**What is Parameter in Statistics?**

**In statistics, a parameter is a specific number or fact that describes an entire group or population. **It’s not a guess or an estimate; it’s an exact value because it considers everyone in the group.

Imagine you’re in a town called “Statville” with exactly 10,000 residents. You want to know **the average height** of EVERY person in this town.

After measuring **everyone**, you find out the average height is 165 cm.

**This average height of 165 cm for the entire town is called a “parameter”.** It represents a fact about the whole population of Statville.

**µ**: The average (or mean) of a population is symbolized by µ. In our Statville example, µ would be 165 cm.**σ**: The standard deviation of a population, which tells us how spread out the heights are around the average.

**Key Points**:

**Parameter vs Statistic**

**Parameter**: An exact value that describes a characteristic of the entire group or population.**Statistic**: A value derived from a subset or sample of the group or population, used to estimate a parameter.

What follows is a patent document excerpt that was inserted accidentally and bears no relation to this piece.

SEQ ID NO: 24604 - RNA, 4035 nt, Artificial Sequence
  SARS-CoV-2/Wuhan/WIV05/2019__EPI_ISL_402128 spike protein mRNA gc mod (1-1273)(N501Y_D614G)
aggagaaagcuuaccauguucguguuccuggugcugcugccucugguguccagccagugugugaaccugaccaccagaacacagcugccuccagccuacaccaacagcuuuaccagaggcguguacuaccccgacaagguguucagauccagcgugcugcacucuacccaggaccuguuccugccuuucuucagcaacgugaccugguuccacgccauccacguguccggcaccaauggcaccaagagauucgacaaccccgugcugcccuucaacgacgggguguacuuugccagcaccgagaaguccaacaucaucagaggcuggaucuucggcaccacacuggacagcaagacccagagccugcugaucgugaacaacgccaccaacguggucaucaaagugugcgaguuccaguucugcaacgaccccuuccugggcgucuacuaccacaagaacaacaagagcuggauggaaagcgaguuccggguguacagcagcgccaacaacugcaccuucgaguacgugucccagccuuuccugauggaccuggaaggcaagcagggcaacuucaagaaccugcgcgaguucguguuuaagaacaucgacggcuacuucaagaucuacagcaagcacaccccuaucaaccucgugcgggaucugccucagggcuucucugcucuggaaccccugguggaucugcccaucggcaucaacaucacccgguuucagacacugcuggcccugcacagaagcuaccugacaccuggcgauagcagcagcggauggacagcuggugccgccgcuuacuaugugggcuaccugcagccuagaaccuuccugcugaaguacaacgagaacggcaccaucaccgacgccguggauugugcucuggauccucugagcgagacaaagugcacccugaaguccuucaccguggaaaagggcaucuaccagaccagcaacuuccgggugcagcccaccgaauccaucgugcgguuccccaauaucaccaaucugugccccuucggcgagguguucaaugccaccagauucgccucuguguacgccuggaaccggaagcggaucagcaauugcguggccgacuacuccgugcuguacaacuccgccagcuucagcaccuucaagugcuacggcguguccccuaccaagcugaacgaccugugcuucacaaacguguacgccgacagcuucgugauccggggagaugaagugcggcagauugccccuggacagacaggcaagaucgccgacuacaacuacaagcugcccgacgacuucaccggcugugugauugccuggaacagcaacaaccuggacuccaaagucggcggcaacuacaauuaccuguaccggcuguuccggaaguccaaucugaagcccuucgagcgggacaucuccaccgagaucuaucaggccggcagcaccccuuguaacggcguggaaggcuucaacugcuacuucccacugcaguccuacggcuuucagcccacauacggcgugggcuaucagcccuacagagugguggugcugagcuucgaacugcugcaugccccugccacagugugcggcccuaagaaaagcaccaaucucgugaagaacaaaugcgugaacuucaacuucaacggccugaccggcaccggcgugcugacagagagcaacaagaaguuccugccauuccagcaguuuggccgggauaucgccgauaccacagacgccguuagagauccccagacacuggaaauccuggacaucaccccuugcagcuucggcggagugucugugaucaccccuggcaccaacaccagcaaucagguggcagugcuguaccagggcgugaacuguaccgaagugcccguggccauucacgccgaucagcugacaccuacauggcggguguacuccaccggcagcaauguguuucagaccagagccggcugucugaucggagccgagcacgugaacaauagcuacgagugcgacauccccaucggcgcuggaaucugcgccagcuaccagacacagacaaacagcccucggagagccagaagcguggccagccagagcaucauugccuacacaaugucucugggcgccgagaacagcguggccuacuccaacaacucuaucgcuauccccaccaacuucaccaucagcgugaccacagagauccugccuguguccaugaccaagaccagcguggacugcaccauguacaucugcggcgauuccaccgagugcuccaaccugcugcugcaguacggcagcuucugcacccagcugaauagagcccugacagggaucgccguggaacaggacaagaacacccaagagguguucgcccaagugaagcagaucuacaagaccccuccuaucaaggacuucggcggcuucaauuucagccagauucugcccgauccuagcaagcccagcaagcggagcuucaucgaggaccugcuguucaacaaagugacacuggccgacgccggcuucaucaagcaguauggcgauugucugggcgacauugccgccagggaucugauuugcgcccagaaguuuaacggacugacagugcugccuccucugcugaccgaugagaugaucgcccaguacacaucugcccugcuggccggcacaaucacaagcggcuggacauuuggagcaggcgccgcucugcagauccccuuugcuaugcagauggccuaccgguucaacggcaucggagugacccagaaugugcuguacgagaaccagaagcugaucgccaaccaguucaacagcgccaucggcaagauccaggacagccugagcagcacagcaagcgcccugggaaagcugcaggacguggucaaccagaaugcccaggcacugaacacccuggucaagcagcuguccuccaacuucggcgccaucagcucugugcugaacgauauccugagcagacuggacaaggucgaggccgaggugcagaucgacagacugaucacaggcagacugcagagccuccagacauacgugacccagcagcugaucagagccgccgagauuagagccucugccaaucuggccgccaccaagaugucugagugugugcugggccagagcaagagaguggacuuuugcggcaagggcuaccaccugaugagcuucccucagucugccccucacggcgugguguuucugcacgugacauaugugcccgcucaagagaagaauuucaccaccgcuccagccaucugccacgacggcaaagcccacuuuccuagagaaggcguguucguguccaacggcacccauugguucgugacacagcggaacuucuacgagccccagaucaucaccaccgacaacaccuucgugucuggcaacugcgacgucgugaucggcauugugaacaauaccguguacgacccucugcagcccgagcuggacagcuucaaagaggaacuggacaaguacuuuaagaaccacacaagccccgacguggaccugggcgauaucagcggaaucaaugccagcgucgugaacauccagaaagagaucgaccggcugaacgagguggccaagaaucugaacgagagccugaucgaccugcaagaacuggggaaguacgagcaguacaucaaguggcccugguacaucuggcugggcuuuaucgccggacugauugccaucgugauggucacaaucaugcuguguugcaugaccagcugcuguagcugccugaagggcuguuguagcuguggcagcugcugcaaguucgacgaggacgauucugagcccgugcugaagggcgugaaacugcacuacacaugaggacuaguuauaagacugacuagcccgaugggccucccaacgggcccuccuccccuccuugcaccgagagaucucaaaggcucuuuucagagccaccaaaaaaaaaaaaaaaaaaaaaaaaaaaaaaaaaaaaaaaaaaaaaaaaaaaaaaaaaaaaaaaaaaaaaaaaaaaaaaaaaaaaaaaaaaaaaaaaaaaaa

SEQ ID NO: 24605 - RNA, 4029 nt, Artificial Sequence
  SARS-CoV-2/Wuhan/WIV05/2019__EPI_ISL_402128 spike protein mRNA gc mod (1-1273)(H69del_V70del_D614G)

While both parameters and statistics provide valuable insights, they serve different purposes and are derived from different sources.

**Parameter**

- Refers to
**the entire population**. **Constant**and doesn’t change unless the population itself changes.

If we were to measure the height of every adult in a country, the average would be a parameter.

**Statistic**

- Refers to
**a sample**taken from the population. - Can
**vary**depending on the sample.

If we measure the height of 100 randomly selected adults from the same country, the average would be a statistic.